“So we find a way to get the combination,” Christel said.
“How?” Hazel questioned. “I don’t suppose she’ll just tell us.”
“There might be another way,” Devin pointed out. “Back when I worked for the palace I’d see old Mary carry around a little black journal from time to time. She’d use it for numbers, dates; little things like that. But the fact is, not once did I see that book leave her side. If I was willing to bet, I’d say that the combination was in there.”
“But how do we know that it’s in there for sure?” Christel challenged.
“We don’t,” Devin replied. “That’s why I have spies. We have six days until Garn’s party. They’ll let us know by then.”
“You mentioned alarms,” Christel continued. “Is this going to be problem?”
“Ah, I’ve already got that figured out. The alarms are set up as a series of triggers around the second floor – if you were to get caught by anyone the guards will activate the trigger and the alarm will sound, meaning bad news for us.”
“Okay, so what’s your plan?”
“There’s a little gadget of mine that I built myself just for this occasion. Mr Saan, if you could somehow attach this to the fuse box outside the house then I assure you the alarms will not bother you. Of course, with the power going out so suddenly, suspicions will be raised. You’ll only have a matter of time before they check the vault.”
Christel leaned back and crossed his arms. Hazel thought he saw the same flaw as she did, and she was right. “Not to mention the fact that Hazel and I will be very occupied inside. Who’s going to plant the fuse?”
Devin let out a quick chuckle. “Oh, that won’t be a problem,” he laughed. “The device will be on a timer.”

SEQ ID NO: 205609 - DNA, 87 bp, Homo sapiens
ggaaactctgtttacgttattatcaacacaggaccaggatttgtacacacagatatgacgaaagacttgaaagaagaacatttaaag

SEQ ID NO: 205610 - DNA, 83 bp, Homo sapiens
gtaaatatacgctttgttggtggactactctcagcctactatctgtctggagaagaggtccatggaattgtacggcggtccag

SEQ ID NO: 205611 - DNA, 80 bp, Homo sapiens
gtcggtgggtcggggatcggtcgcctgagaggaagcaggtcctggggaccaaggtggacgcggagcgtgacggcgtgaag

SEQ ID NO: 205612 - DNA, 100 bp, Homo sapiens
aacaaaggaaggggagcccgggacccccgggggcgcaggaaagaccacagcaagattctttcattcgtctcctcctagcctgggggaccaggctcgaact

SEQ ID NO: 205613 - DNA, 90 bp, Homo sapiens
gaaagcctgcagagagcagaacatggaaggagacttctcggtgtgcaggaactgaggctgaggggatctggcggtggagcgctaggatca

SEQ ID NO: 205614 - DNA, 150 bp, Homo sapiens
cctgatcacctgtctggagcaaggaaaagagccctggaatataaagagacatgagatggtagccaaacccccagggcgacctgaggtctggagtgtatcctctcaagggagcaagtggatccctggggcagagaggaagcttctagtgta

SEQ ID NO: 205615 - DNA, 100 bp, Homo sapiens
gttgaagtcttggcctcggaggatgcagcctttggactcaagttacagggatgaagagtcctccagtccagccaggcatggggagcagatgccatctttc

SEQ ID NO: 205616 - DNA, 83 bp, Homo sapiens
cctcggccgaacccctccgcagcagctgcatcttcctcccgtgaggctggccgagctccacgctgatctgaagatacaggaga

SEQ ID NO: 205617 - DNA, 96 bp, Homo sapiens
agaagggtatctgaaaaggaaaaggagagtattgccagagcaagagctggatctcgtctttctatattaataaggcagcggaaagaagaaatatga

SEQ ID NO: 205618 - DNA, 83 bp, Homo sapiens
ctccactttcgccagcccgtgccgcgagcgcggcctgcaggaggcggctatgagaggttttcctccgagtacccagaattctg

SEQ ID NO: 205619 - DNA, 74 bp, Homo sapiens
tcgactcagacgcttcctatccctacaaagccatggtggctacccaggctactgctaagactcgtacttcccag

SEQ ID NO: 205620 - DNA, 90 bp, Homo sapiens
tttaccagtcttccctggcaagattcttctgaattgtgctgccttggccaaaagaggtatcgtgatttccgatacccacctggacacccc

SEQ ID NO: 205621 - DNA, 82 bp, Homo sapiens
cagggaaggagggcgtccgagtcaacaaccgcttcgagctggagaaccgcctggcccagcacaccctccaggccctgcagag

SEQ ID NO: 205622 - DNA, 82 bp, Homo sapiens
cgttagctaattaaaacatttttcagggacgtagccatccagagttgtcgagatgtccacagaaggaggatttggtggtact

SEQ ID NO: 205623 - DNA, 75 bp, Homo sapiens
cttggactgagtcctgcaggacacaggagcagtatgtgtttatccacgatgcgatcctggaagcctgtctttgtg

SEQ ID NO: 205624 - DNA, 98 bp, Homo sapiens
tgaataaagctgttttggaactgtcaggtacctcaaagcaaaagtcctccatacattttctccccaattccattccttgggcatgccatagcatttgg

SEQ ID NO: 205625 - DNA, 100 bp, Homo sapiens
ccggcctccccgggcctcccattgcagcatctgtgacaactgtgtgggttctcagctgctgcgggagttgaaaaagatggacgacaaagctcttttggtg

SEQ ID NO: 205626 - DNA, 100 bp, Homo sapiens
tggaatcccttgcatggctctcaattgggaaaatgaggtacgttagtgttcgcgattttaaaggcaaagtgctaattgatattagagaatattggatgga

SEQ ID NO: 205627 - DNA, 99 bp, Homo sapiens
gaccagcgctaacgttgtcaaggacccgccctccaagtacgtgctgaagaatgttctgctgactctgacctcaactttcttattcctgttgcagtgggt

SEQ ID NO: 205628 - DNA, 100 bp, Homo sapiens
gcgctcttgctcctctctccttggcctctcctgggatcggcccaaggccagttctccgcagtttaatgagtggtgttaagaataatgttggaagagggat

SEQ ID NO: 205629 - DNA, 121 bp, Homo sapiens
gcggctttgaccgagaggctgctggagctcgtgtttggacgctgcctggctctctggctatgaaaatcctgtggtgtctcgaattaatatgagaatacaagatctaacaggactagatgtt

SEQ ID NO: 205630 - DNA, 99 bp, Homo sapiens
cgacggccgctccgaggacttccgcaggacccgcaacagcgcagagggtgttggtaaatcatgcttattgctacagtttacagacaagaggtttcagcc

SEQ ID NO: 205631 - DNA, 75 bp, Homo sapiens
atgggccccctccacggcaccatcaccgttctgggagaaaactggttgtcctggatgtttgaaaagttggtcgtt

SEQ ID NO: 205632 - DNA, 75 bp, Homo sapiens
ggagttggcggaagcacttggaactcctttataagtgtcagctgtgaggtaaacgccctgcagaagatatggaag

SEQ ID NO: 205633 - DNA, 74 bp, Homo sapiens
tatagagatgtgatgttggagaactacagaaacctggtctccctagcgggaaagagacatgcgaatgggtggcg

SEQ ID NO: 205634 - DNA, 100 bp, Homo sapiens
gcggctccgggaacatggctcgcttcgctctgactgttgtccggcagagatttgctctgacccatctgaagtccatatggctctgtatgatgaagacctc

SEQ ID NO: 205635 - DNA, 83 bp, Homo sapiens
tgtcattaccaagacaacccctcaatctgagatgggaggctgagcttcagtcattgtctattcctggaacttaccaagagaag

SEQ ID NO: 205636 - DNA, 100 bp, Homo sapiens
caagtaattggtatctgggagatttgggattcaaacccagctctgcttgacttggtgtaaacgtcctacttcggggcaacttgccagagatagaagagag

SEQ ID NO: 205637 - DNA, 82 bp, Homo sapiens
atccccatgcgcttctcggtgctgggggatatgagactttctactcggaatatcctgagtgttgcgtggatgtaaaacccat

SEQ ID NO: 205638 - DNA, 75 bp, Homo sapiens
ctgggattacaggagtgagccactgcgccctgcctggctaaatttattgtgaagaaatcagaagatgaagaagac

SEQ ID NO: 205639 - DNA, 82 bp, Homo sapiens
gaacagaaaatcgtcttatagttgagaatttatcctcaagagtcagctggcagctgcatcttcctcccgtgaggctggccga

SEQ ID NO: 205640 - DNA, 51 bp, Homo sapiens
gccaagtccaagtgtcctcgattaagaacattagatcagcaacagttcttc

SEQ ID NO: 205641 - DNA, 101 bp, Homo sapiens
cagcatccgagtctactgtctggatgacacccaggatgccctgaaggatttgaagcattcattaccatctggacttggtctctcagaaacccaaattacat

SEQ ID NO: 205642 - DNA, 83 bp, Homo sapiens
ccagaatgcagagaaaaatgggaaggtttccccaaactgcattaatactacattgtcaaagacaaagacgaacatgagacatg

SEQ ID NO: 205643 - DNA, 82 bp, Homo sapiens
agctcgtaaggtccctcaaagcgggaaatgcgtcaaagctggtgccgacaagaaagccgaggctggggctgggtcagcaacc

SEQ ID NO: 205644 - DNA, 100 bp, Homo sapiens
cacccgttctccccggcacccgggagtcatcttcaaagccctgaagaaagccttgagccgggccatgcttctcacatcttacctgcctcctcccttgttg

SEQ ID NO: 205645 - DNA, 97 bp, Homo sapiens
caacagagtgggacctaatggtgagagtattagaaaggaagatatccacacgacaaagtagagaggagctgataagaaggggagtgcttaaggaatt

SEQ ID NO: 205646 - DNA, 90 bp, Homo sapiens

A timer! Hazel thought – it’s brilliant! “But that means we’ll have to carefully coordinate what we do. Even more so.”
Christel looked to her. “Hazel’s right. We’ll only have so much time to get to the vault upstairs, and even less time to get out with the gold. We’re going to have to be at the right place at the right time if we want this to work, and I’m going to need a new watch.”
Devin brushed his oily hair back over his head. “Very well then.”
Even though the general idea had come together, there was still a lot of work that had to be done. Unfortunately Hazel was not going to get out so easily. Oh well, it was a worthy price to pay.
“So what’s next?” she asked.
Devin turned to her. “Well I do believe you’ll both need invitations my dear. It is a formal event after all.”
“We’ll have to steal one, and then use it to make copies. Devin, do you have a list of all the guests that will be attending the party?”
Devin nodded his little head. “I do indeed. Now where did I put it?” He started rustling through all the papers that were on the table until he selected the right one. “Ah! Here it is.”
“Good, now I want you to find someone who’s close and preferably who’s easy to rob. Hazel and I should get some rest – we’ll set out on the morrow.”
Finally! Hazel beamed.
There were plenty of comfortable places in the bunker in which to sleep. Hazel had spent the past few nights on the couch, and although there were two beds, like little cushiony platforms that hung from the wall, she found that the couch was more comfortable.
As she lay down and submitted herself to sleep, she watched Devin who had remained at the table to do the task that Christel had given him. She could only see the edge of his face in the flicker of the single candle that he used for light.